So, a friend and I have been playing the demo, probably a little bit too much for our own health but there are a lot of aspects to this game which make it highly desirable, the first being that it's an extremely dynamic fighting game. Never have I played a fighting game with this much detail. Anyways, on to my question:
We're both pretty skilled with either fighter, can beat the expert computer 9/10 times if not 10/10. But lately we've been fighting each other and he's been getting far better than me, to the point where any time I get him on the ground with either character, if I try to transition he simply flicks the right analog stick and does a reversal. I still can't seem to get the timing of reversals down as well as him, which is part of my problem, but mainly what I was wondering was whether or not any knows if there's a way to reverse a reversal or defend the reversal when you're trying to transition.
I recommend bringing practicing new aspects of your game that you have yet to really incorporate. It would seem to me that he's got you figured out, and may not be better than you but merely knows what your go-tos are in every situation after tons of playing against each other. At least that's how I play.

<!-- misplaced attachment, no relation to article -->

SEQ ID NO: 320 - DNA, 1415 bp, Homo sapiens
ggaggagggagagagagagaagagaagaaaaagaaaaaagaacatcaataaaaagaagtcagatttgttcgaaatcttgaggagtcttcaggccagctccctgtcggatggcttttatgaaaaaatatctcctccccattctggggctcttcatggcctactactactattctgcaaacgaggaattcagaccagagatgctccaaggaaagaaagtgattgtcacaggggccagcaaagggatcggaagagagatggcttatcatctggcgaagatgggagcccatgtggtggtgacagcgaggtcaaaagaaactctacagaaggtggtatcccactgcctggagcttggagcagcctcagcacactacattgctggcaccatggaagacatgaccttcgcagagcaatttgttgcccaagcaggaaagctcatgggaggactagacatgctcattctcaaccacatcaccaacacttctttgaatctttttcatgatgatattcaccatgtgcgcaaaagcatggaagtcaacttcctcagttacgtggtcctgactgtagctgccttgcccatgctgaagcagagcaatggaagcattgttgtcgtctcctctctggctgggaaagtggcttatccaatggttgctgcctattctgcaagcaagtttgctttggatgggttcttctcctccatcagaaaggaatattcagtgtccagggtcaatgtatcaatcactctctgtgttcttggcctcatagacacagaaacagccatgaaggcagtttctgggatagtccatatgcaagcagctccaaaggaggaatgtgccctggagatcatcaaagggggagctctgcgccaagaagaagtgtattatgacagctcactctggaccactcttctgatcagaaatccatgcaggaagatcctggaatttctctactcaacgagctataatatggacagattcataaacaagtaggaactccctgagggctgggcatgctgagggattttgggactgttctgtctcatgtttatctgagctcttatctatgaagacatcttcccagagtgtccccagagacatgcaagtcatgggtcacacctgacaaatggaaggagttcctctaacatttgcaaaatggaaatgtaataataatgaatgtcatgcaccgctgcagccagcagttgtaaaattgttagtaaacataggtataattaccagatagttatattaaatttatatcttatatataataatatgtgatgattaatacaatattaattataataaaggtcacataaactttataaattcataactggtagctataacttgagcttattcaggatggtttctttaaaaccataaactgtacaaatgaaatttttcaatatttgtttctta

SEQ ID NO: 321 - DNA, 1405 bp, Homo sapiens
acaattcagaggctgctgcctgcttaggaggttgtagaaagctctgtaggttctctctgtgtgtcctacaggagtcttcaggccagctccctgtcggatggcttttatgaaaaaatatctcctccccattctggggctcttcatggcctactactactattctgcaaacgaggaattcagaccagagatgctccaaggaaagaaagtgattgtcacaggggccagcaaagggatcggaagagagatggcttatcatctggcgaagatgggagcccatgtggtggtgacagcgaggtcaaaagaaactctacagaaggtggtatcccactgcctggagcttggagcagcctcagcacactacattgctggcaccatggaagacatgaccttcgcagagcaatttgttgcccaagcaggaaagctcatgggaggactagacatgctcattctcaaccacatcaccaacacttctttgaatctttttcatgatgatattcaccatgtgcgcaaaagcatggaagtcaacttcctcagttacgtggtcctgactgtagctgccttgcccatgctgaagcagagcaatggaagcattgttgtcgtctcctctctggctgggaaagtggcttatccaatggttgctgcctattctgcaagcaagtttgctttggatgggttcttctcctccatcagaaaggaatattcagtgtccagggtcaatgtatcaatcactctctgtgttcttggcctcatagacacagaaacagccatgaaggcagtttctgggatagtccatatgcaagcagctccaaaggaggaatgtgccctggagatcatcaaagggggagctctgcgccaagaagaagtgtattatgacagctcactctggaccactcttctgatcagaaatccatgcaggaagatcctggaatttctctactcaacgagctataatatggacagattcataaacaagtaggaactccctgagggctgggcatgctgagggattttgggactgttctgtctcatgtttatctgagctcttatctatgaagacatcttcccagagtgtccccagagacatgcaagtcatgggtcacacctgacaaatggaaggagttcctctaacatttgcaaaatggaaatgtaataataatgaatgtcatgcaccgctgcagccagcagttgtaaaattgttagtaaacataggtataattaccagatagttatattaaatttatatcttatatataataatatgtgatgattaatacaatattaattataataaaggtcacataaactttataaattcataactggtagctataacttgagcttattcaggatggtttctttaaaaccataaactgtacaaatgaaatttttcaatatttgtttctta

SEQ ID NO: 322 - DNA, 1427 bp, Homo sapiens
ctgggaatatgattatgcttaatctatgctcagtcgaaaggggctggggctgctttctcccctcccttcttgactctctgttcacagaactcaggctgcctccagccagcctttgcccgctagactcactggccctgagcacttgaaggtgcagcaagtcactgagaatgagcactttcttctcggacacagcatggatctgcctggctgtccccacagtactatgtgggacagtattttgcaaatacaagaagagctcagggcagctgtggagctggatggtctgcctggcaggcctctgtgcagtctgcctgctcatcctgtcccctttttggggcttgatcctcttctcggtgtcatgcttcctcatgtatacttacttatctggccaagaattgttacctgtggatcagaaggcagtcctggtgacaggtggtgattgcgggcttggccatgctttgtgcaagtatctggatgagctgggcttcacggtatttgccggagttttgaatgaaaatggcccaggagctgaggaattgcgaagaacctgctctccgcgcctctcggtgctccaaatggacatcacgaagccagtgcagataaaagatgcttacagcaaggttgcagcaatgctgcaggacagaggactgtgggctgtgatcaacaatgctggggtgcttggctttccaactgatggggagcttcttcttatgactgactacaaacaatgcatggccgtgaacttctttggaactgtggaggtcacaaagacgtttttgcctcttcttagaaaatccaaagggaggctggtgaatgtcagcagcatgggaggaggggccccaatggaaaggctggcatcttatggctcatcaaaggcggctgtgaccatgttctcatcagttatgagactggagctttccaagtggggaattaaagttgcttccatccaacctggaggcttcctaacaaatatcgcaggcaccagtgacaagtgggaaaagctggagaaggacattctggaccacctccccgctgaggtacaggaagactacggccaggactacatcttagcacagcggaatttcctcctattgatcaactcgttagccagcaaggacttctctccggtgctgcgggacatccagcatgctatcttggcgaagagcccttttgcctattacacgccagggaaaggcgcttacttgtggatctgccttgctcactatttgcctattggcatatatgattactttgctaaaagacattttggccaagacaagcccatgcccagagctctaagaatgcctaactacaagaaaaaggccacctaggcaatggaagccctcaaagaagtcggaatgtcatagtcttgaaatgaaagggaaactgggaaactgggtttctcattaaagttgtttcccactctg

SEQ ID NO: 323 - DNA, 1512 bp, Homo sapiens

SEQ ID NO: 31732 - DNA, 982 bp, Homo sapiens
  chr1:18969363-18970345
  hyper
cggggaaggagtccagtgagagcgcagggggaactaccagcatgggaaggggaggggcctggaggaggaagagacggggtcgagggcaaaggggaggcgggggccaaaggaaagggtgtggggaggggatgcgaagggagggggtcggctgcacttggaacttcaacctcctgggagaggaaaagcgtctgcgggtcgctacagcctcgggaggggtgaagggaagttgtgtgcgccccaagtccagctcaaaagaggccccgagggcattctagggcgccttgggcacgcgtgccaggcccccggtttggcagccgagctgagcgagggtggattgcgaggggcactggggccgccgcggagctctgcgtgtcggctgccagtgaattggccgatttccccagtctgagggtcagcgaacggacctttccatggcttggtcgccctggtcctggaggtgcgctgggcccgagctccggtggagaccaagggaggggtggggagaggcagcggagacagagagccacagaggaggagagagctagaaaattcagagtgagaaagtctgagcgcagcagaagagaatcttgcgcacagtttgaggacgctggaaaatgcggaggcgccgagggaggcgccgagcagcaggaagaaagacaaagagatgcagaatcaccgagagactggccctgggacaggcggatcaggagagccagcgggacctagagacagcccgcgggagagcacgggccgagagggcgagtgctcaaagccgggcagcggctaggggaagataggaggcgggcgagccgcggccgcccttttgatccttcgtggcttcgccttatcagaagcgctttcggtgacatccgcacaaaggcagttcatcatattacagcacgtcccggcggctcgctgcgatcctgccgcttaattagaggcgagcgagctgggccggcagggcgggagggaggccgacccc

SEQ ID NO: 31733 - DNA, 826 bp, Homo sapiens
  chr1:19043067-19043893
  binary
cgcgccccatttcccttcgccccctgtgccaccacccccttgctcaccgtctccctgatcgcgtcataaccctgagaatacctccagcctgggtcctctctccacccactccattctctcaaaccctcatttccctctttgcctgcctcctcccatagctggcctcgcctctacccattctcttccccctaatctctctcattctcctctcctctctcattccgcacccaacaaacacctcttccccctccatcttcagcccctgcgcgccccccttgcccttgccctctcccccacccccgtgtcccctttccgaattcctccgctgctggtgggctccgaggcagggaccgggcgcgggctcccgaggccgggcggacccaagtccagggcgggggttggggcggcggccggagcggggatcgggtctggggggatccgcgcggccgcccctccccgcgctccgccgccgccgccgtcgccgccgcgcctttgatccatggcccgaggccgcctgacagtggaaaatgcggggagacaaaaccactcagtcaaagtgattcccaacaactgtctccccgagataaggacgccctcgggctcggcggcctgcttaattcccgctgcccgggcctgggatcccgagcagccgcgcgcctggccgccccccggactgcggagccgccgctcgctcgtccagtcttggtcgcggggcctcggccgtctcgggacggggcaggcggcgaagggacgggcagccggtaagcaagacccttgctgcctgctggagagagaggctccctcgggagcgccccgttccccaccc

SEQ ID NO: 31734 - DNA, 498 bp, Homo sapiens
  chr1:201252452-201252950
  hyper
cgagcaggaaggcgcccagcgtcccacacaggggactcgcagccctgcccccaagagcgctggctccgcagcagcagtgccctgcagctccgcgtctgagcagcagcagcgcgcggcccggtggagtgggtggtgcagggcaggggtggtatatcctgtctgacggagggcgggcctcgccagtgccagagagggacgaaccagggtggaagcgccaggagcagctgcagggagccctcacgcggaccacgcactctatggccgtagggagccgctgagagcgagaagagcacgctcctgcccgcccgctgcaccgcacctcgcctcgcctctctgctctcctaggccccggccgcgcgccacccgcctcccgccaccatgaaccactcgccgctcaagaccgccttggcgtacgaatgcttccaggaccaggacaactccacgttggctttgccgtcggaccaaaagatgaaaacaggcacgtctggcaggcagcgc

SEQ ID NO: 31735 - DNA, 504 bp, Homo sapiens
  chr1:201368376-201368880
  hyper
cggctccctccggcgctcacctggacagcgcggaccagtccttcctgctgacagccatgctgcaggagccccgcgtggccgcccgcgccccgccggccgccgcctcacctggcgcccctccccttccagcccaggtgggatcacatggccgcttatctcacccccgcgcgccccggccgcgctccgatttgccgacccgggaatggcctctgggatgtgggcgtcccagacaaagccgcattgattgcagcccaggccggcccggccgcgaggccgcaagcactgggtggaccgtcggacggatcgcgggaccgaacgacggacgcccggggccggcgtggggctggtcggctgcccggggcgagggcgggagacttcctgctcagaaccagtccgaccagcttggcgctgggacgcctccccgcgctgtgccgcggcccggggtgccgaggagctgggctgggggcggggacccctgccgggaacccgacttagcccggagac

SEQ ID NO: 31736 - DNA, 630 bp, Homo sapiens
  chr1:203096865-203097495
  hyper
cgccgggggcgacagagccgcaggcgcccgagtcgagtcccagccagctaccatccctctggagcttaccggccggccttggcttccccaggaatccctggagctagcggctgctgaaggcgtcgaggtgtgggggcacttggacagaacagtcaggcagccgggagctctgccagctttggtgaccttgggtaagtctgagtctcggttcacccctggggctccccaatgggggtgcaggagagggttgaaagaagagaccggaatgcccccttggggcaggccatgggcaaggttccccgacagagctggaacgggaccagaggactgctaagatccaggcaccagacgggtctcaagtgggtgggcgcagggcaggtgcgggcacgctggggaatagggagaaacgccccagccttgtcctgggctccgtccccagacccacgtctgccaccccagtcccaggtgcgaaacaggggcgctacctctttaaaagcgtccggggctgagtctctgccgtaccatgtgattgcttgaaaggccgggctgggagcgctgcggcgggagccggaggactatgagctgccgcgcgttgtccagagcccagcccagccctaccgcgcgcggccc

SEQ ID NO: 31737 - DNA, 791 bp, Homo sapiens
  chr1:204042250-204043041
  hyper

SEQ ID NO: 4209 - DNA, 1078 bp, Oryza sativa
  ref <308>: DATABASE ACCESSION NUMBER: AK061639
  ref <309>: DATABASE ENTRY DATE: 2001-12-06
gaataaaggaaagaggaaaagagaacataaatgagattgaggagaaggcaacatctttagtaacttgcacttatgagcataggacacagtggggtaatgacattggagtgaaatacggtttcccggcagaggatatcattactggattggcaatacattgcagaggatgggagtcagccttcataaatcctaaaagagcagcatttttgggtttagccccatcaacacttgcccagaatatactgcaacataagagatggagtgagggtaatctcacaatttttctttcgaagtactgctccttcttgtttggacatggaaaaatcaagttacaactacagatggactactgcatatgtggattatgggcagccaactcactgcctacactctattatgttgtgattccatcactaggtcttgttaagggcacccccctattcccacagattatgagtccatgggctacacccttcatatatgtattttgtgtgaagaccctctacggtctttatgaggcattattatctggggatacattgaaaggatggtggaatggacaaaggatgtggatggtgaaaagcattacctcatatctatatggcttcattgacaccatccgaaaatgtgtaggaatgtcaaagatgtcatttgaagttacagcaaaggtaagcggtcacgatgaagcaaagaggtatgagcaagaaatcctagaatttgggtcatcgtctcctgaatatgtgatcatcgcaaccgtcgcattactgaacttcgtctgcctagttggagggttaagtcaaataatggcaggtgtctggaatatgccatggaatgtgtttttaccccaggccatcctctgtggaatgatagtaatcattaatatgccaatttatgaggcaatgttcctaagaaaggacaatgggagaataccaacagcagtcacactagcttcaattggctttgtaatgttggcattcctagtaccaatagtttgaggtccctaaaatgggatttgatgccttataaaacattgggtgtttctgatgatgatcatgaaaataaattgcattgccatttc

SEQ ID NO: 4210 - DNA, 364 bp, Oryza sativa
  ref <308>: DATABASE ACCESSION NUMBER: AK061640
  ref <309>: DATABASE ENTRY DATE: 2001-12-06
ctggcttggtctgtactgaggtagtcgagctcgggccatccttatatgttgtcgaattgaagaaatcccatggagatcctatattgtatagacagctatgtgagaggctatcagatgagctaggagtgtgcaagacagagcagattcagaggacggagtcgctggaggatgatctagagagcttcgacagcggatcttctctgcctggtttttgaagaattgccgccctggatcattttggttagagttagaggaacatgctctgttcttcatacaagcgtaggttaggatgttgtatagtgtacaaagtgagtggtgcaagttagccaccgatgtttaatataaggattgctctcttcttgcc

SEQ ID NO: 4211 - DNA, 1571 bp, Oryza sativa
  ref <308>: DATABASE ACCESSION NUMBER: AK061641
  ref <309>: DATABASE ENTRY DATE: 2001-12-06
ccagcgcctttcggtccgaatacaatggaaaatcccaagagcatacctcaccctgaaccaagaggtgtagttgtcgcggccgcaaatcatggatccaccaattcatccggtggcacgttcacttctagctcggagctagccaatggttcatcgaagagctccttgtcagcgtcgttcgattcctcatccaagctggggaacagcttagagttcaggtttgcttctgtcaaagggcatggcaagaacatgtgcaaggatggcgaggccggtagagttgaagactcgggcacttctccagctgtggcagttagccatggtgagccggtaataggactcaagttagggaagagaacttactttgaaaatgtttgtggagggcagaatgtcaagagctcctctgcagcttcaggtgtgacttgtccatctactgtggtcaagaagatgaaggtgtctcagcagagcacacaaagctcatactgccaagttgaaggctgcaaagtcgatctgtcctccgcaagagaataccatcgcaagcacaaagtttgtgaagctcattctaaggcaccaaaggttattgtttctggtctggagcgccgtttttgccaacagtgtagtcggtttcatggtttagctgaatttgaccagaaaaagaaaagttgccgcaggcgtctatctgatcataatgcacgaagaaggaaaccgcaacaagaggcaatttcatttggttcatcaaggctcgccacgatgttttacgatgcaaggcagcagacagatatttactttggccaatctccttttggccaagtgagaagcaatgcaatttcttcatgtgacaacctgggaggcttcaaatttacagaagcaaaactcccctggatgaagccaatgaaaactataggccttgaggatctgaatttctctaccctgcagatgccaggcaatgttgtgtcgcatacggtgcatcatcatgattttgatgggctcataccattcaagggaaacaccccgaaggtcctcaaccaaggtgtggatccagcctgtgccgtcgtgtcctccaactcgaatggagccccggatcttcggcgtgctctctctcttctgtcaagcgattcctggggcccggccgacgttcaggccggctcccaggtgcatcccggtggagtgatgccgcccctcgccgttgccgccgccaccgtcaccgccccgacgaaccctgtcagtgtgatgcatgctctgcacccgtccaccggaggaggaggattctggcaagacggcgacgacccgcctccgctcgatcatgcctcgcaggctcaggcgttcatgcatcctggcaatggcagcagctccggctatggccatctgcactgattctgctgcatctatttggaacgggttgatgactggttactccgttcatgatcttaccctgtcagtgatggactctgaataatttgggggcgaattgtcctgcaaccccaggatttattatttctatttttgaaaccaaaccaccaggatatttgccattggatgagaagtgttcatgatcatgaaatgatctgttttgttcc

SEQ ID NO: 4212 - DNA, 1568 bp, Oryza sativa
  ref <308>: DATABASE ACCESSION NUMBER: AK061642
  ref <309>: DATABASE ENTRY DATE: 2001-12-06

Work the block, throw a punch, mix it up every time something new in a new order most importantly. Forget reversals for now. He's getting reversals for one of two reasons.
A - He knows when you are trying to transition because perhaps you have formed habits that he's picked up on.
B - He's constantly trying reversals (or constantly trying transitions to fast, which leads to reversals for me all the time on accident).
Bottom line, completely change what you've been doing. If you're a shooter, get him in a muay thai clinch, and visa versa. I could be wrong but I pride myself on figuring out my opponent whether it be a buddy or the CPU. That's why I make Chuck tap on expert in less than two minutes every fight now...the CPU has patterns (which is why I have stopped training against the CPU because I got into a pattern and it works better against the CPU than it does against a human.)